How is Celgene’s approach to issues in the difficult-to-navigate fields you mention, of pricing, reimbursement, and bidding?

I have spoken on several occasions with senior officials from the CDE, SFDA, and the NDRC, and I am deeply impressed that senior officials and administrators are very open and smart, in order to better understand the current situation in front of local manufacturers, and to provide good solutions and progress from an access perspective. From a regulatory perspective on new drug approval in China, the current situation is that it takes a long time from the first day you apply for CTA until you receive marketing authorization. Right now, I believe there are many interactions and discussions between RDPAC and MNCs and senior officials, which have already reached to the upper levels of the topics the government will focus on. Under the auspices of the 12th Five Year Plan, top administrators will consider how to shorten the approval process for new drugs, as well as streamline the hospital bidding process, which from is now individually organized on a provincial level. In the next few years we can expect the central government to shape change in a way to maximize efficiency and productivity.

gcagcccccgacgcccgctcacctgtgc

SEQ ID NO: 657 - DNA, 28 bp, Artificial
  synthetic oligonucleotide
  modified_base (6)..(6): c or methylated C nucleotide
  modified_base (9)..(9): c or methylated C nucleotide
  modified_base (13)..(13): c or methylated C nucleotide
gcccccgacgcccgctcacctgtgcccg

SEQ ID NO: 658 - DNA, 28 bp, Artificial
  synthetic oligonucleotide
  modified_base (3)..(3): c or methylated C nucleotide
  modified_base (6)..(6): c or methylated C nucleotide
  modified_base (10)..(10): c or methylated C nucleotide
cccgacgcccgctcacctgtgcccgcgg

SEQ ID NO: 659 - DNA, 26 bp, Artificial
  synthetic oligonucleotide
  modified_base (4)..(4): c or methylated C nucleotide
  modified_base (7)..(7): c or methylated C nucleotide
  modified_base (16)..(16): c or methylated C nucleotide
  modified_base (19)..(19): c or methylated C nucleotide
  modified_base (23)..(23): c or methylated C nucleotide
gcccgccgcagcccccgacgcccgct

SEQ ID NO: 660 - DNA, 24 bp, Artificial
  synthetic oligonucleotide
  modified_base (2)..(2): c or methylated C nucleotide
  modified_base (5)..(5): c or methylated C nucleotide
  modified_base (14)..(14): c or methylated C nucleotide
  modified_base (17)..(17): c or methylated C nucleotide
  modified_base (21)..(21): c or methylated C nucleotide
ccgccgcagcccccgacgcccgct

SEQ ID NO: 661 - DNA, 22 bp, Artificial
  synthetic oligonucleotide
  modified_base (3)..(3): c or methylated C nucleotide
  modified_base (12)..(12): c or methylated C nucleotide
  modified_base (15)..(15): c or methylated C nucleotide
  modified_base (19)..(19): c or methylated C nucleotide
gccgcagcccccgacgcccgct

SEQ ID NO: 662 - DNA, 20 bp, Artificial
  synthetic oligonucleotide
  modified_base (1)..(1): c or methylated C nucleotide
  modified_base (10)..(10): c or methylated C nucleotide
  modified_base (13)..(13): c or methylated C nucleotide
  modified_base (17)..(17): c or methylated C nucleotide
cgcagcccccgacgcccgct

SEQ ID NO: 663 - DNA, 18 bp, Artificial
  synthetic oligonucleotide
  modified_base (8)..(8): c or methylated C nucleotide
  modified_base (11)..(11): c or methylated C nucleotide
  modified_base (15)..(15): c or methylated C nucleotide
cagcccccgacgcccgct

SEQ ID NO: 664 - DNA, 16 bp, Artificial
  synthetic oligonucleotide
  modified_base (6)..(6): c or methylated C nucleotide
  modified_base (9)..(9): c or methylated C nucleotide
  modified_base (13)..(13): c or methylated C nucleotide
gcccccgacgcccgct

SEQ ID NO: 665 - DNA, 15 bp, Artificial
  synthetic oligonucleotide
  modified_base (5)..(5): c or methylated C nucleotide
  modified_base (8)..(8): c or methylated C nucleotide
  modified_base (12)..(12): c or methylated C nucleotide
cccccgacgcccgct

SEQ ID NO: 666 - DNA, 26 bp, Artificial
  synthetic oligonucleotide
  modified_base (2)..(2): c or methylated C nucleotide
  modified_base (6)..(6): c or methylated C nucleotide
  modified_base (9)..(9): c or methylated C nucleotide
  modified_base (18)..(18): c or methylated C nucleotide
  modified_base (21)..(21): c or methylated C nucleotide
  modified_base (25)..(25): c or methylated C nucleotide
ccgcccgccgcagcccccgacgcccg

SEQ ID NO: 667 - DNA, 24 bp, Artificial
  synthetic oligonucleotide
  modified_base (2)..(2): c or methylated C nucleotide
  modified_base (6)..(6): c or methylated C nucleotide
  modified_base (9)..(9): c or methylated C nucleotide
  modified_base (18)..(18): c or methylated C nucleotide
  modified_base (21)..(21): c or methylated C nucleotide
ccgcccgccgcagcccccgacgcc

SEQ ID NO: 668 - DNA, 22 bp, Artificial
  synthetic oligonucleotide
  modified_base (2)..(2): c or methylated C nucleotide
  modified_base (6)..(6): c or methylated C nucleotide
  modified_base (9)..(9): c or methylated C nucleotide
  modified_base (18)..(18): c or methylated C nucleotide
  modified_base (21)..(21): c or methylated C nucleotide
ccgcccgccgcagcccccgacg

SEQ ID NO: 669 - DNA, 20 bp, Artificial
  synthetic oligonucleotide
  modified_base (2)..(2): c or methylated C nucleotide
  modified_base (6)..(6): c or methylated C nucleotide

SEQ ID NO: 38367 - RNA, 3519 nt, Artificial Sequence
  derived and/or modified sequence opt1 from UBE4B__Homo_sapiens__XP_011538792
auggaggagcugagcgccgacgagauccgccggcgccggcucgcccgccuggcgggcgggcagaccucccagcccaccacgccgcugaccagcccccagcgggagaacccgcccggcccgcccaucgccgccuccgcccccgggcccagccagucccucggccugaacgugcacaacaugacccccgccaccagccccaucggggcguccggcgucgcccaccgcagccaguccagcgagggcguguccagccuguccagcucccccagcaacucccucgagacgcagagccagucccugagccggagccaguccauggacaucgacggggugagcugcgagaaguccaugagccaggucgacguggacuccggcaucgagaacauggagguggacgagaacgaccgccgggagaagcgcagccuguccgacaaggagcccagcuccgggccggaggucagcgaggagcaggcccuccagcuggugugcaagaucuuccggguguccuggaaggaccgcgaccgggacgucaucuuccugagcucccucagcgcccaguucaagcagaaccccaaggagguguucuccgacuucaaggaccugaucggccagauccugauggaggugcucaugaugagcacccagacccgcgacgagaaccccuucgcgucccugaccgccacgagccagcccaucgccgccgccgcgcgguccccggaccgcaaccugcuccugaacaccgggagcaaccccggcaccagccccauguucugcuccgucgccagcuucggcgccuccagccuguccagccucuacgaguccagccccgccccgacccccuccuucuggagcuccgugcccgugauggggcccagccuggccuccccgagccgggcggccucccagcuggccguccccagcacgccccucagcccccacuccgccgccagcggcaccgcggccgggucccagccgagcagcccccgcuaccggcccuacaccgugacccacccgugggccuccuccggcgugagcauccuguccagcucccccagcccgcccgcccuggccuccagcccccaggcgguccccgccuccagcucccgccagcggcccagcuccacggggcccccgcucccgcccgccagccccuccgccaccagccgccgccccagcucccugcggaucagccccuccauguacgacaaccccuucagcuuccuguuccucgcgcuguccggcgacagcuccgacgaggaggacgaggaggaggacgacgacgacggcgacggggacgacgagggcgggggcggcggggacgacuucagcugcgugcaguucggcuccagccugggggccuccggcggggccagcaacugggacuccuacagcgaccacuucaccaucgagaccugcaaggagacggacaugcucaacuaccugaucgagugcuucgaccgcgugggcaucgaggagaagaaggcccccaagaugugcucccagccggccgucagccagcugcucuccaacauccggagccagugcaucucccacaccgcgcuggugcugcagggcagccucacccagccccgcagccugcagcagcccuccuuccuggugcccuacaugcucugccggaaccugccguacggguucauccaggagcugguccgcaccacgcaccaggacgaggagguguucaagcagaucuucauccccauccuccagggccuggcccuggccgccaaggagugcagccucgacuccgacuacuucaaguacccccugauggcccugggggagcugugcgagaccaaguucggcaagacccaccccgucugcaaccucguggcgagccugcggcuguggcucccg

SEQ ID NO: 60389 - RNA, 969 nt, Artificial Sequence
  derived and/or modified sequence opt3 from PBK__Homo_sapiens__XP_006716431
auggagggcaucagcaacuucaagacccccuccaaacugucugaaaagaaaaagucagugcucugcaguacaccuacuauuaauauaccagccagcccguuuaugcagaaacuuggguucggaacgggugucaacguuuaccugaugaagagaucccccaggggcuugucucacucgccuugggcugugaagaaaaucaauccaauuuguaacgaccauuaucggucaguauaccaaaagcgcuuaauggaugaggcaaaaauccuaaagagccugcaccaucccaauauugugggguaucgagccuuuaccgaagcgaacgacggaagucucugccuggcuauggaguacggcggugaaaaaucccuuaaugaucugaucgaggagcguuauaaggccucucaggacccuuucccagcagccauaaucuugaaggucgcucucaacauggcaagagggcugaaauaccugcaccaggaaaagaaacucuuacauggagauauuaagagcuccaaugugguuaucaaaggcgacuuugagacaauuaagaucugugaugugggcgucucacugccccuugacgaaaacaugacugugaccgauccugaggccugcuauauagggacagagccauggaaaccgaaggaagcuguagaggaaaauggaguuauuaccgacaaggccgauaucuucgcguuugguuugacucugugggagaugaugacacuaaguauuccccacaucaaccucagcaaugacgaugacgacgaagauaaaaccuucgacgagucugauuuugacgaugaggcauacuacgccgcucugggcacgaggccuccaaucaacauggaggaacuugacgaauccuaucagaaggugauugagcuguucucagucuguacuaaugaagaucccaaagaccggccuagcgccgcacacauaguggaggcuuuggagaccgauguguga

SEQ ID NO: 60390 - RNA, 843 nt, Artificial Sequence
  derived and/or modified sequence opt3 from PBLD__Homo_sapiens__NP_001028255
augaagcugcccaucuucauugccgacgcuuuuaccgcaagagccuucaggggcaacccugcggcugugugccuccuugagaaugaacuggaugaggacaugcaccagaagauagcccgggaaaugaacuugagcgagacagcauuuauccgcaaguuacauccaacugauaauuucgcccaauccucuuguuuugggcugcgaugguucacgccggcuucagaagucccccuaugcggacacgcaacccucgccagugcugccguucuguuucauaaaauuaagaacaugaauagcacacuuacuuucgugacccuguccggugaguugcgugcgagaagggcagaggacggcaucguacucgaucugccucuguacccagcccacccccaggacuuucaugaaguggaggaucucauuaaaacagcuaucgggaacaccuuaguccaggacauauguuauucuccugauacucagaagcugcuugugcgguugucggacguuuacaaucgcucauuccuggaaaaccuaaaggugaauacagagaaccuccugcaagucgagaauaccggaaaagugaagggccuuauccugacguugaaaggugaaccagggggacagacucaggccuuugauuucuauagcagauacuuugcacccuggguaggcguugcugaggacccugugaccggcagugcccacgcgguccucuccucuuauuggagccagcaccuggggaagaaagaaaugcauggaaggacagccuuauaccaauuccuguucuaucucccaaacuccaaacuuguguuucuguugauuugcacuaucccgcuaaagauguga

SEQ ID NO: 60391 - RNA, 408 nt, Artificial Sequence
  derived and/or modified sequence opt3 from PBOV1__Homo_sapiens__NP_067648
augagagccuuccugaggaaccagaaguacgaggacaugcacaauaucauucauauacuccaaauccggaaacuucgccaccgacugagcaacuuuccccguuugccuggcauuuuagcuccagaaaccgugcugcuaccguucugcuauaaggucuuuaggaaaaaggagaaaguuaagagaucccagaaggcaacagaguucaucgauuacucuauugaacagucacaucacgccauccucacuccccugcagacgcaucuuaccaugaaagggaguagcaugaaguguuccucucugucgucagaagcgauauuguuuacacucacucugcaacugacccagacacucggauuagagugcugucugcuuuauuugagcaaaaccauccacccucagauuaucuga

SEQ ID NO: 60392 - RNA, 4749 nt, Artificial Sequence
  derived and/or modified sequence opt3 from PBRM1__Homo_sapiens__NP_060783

A moment ago you mentioned aligning Celgene’s mission and vision in China after a period of transition – how would you define it?

The essence of the mission and vision is to improve the lives of patients worldwide. Based on that, Celgene has four core values. The first is passion for the patient. Every Celgene affiliate globally thinks about that every day – it’s in our blood. Even though an individual may not have been with Celgene very long, I’m sure every single one of us here has adopted this ethos very deeply. As we prepare the launch of Revlimid for mid-2013, from marketing, medical, market access, commercial, and functional perspectives, we all think not only about selling drugs, but how to help the patient to use the drug with a maximum safety profile, and at the same standard as the rest of the world, with consistent approaches to toxicity management and drug safety profiles.